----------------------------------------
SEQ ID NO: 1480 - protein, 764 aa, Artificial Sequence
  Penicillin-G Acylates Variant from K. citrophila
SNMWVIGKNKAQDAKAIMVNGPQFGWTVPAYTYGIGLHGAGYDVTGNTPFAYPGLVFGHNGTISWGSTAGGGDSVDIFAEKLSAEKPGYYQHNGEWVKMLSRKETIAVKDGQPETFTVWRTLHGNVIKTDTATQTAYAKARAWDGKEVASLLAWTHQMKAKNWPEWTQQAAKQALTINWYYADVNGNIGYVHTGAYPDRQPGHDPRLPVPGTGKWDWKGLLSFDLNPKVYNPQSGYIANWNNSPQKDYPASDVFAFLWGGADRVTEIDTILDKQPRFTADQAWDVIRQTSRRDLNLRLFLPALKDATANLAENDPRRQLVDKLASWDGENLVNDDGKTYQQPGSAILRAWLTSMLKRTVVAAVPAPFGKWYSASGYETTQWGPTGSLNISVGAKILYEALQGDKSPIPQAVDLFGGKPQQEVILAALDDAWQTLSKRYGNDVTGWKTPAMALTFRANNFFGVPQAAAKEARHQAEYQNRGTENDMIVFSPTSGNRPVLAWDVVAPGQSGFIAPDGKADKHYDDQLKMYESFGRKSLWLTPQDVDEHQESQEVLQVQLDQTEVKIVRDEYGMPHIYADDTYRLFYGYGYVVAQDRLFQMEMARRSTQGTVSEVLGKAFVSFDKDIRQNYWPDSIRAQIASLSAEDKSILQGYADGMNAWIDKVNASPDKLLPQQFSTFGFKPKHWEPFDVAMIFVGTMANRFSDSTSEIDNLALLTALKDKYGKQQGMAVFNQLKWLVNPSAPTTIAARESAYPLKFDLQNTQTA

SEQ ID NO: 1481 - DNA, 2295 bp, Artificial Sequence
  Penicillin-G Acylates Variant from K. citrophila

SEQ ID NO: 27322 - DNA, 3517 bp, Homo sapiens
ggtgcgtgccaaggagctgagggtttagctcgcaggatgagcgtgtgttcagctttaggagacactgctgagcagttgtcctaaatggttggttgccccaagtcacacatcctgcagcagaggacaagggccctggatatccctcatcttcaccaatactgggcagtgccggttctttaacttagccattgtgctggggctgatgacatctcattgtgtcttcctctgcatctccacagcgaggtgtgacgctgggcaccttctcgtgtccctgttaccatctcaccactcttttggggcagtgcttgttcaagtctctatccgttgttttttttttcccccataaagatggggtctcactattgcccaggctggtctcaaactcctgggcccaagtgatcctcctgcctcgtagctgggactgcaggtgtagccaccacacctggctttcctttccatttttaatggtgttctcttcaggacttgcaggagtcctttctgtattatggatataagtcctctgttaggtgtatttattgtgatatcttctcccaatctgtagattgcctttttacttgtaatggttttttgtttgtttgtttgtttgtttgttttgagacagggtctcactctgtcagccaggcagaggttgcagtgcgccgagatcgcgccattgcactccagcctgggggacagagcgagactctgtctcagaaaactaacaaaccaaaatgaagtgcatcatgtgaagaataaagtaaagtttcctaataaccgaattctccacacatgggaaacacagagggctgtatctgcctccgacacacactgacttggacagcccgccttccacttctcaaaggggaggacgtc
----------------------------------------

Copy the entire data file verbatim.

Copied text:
SEQ ID NO: 1480 - protein, 764 aa, Artificial Sequence
  Penicillin-G Acylates Variant from K. citrophila
SNMWVIGKNKAQDAKAIMVNGPQFGWTVPAYTYGIGLHGAGYDVTGNTPFAYPGLVFGHNGTISWGSTAGGGDSVDIFAEKLSAEKPGYYQHNGEWVKMLSRKETIAVKDGQPETFTVWRTLHGNVIKTDTATQTAYAKARAWDGKEVASLLAWTHQMKAKNWPEWTQQAAKQALTINWYYADVNGNIGYVHTGAYPDRQPGHDPRLPVPGTGKWDWKGLLSFDLNPKVYNPQSGYIANWNNSPQKDYPASDVFAFLWGGADRVTEIDTILDKQPRFTADQAWDVIRQTSRRDLNLRLFLPALKDATANLAENDPRRQLVDKLASWDGENLVNDDGKTYQQPGSAILRAWLTSMLKRTVVAAVPAPFGKWYSASGYETTQWGPTGSLNISVGAKILYEALQGDKSPIPQAVDLFGGKPQQEVILAALDDAWQTLSKRYGNDVTGWKTPAMALTFRANNFFGVPQAAAKEARHQAEYQNRGTENDMIVFSPTSGNRPVLAWDVVAPGQSGFIAPDGKADKHYDDQLKMYESFGRKSLWLTPQDVDEHQESQEVLQVQLDQTEVKIVRDEYGMPHIYADDTYRLFYGYGYVVAQDRLFQMEMARRSTQGTVSEVLGKAFVSFDKDIRQNYWPDSIRAQIASLSAEDKSILQGYADGMNAWIDKVNASPDKLLPQQFSTFGFKPKHWEPFDVAMIFVGTMANRFSDSTSEIDNLALLTALKDKYGKQQGMAVFNQLKWLVNPSAPTTIAARESAYPLKFDLQNTQTA

SEQ ID NO: 1481 - DNA, 2295 bp, Artificial Sequence
  Penicillin-G Acylates Variant from K. citrophila

SEQ ID NO: 27322 - DNA, 3517 bp, Homo sapiens
ggtgcgtgccaaggagctgagggtttagctcgcaggatgagcgtgtgttcagctttaggagacactgctgagcagttgtcctaaatggttggttgccccaagtcacacatcctgcagcagaggacaagggccctggatatccctcatcttcaccaatactgggcagtgccggttctttaacttagccattgtgctggggctgatgacatctcattgtgtcttcctctgcatctccacagcgaggtgtgacgctgggcaccttctcgtgtccctgttaccatctcaccactcttttggggcagtgcttgttcaagtctctatccgttgttttttttttcccccataaagatggggtctcactattgcccaggctggtctcaaactcctgggcccaagtgatcctcctgcctcgtagctgggactgcaggtgtagccaccacacctggctttcctttccatttttaatggtgttctcttcaggacttgcaggagtcctttctgtattatggatataagtcctctgttaggtgtatttattgtgatatcttctcccaatctgtagattgcctttttacttgtaatggttttttgtttgtttgtttgtttgtttgttttgagacagggtctcactctgtcagccaggcagaggttgcagtgcgccgagatcgcgccattgcactccagcctgggggacagagcgagactctgtctcagaaaactaacaaaccaaaatgaagtgcatcatgtgaagaataaagtaaagtttcctaataaccgaattctccacacatgggaaacacagagggctgtatctgcctccgacacacactgacttggacagcccgccttccacttctcaaaggggaggacgtc